• D. M. Winker · A. Garnier · J. Pelon · M. Vaughan · S. Young ·
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    ABSTRACT: Cirrus clouds have an important influence on Earth's radiation balance through the scattering and absorption of solar and thermal radiation. Radiation absorbed by cirrus is also a significant contributor to atmospheric heating in the upper troposphere. These effects are often parameterized in terms of the cirrus visible optical depth, but current estimates of global cirrus optical depths - whether from models or from passive satellite sensors -contain significant uncertainties. Cirrus clouds are often semi-transparent and often occur as part of multi-layer cloud structures, which complicates retrievals by passive techniques. The CALIOP lidar, flying on the CALIPSO satellite since 2006, has the potential to provide a much improved global record of cirrus distribution and properties. CALIOP cirrus retrievals must be validated, however, and early comparisons with MODIS retrievals indicated significant discrepancies. There are multiple potential error sources, in both retrievals, which could be the source of these discrepancies. To validate and characterize uncertainties in CALIOP cirrus optical depths, intercomparisons have been performed with several other cirrus datasets. Intercomparisons with infrared retrievals from the IR radiometer carried on the CALIPSO satellite have been particularly informative. Intercomparisons between results from three different CALIOP cirrus retrieval techniques provide further insights. This presentation will discuss the quest to quantify the uncertainties in the CALIOP cirrus retrievals and develop an accurate dataset of cirrus optical depths.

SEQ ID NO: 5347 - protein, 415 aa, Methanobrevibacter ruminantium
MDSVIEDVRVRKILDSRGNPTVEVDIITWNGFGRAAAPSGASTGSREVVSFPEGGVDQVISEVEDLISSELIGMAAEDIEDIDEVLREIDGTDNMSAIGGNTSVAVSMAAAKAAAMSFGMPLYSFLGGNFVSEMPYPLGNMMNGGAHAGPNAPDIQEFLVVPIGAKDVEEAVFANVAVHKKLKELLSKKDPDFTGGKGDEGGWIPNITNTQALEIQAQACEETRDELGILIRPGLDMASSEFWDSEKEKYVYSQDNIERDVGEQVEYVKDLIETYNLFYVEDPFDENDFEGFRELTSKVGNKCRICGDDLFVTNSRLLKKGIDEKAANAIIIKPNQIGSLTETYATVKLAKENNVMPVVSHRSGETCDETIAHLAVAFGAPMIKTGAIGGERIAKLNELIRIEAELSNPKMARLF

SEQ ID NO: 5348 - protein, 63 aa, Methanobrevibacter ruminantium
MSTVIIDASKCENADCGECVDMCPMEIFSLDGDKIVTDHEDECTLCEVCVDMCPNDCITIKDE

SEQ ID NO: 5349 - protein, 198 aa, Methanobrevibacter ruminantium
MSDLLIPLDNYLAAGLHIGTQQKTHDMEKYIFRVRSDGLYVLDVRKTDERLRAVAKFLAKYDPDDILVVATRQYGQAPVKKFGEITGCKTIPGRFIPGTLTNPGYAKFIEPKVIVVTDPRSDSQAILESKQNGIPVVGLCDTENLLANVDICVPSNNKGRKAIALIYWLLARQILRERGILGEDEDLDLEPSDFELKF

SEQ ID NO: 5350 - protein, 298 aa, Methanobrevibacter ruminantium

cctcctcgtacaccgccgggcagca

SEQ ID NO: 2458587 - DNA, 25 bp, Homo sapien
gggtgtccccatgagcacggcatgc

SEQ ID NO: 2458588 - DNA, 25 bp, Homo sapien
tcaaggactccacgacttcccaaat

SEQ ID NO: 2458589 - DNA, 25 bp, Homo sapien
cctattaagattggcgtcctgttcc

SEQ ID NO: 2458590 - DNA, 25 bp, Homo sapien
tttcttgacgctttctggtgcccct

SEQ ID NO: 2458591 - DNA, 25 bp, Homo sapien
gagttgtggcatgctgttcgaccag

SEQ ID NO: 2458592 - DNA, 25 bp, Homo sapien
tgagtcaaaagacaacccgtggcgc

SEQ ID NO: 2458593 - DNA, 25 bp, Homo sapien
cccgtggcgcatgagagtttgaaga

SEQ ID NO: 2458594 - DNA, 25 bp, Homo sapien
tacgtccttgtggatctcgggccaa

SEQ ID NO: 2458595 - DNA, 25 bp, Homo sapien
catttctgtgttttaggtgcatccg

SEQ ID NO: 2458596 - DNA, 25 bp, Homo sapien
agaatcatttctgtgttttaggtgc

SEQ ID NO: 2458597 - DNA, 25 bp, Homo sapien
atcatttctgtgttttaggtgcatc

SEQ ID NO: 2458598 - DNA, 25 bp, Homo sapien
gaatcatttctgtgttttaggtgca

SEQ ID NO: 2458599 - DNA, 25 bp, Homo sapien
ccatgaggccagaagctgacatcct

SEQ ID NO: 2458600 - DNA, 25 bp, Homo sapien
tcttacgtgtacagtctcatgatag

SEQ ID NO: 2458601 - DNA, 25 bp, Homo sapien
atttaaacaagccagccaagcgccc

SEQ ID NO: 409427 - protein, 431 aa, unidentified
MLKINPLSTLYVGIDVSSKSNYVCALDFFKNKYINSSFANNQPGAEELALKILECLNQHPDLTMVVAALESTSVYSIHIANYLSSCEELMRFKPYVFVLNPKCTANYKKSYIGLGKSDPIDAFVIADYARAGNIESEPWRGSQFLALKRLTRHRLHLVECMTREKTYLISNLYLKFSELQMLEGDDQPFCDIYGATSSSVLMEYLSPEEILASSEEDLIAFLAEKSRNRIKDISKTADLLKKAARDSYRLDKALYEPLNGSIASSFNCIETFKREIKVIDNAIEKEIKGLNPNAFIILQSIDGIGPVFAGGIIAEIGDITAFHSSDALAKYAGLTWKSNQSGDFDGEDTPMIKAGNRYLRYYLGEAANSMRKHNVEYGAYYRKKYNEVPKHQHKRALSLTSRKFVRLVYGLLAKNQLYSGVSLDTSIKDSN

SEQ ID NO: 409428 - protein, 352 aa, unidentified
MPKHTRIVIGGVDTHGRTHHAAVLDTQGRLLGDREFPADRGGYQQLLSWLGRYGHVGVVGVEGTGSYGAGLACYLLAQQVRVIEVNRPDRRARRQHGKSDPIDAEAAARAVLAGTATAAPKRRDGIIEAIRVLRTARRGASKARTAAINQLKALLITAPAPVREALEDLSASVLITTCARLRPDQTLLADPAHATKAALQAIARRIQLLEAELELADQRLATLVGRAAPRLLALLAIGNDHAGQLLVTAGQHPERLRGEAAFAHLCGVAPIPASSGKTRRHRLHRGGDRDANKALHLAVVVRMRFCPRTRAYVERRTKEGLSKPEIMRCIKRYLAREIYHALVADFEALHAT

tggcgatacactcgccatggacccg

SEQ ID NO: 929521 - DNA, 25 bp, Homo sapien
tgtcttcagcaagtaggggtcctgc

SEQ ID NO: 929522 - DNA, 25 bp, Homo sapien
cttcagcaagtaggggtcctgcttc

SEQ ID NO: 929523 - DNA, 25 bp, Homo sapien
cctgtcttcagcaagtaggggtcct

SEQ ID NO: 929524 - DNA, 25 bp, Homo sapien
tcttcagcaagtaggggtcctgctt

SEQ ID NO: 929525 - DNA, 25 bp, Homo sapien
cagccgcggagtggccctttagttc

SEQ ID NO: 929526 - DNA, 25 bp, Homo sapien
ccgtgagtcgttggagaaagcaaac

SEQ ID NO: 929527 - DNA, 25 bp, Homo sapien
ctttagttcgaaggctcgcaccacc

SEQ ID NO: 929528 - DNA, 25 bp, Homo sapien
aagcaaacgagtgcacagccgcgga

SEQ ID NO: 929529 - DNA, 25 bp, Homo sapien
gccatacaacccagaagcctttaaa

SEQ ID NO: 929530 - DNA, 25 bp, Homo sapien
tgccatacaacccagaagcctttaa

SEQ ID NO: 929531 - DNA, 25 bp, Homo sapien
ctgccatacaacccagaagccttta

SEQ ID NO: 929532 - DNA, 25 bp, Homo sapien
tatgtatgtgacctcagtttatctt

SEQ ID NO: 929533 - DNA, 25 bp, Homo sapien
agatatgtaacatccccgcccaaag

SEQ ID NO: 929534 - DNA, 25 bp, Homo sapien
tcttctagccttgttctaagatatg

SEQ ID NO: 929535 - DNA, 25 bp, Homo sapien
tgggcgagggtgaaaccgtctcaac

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    ABSTRACT: We report on airborne Differential Optical Absorption Spectroscopy (DOAS) measurements of aerosol extinction and NO2 tropospheric profiles performed off the North coast of Norway in April 2008. The DOAS instrument was installed on the Safire ATR-42 aircraft during the POLARCAT-France spring campaign and recorded scattered light spectra in near-limb geometry using a scanning telescope. We use O-4 slant column measurements to derive the aerosol extinction at 360 nm. Regularization is based on the maximum a posteriori solution, for which we compare a linear and a logarithmic approach. The latter inherently constrains the solution to positive values and yields aerosol extinction profiles more consistent with independently measured size distributions. We present results from two soundings performed on 8 April 2008 above 71 degrees N, 22 degrees E and on 9 April 2008 above 70 degrees N, 17.8 degrees E. The first profile shows aerosol extinction and NO2 in the marine boundary layer with respective values of 0.04 +/- 0.005 km(-1) and 1.9 +/- 0.3 x 10(9) molec cm(-3). A second extinction layer of 0.01 +/- 0.003 km(-1) is found at 4 km altitude where the NO2 concentration is 0.32 +/- 0.2 x 10(9) molec cm(-3). During the second sounding, clouds prevent retrieval of profile parts under 3 km altitude but a layer with enhanced extinction (0.025 +/- 0.005 km(-1)) and NO2 (1.95 +/- 0.2 x 10(9) molec cm(-3)) is clearly detected at 4 km altitude. From CO and ozone in-situ measurements complemented by back-trajectories, we interpret the measurements in the free troposphere as, for the first sounding, a mix between stratospheric and polluted air from Northern Europe and for the second sounding, polluted air from Central Europe containing NO2. Considering the boundary layer measurements of the first flight, modeled source regions indicate closer sources, especially the Kola Peninsula smelters, which can explain the NO2 enhancement not correlated with a CO increase at the same altitude.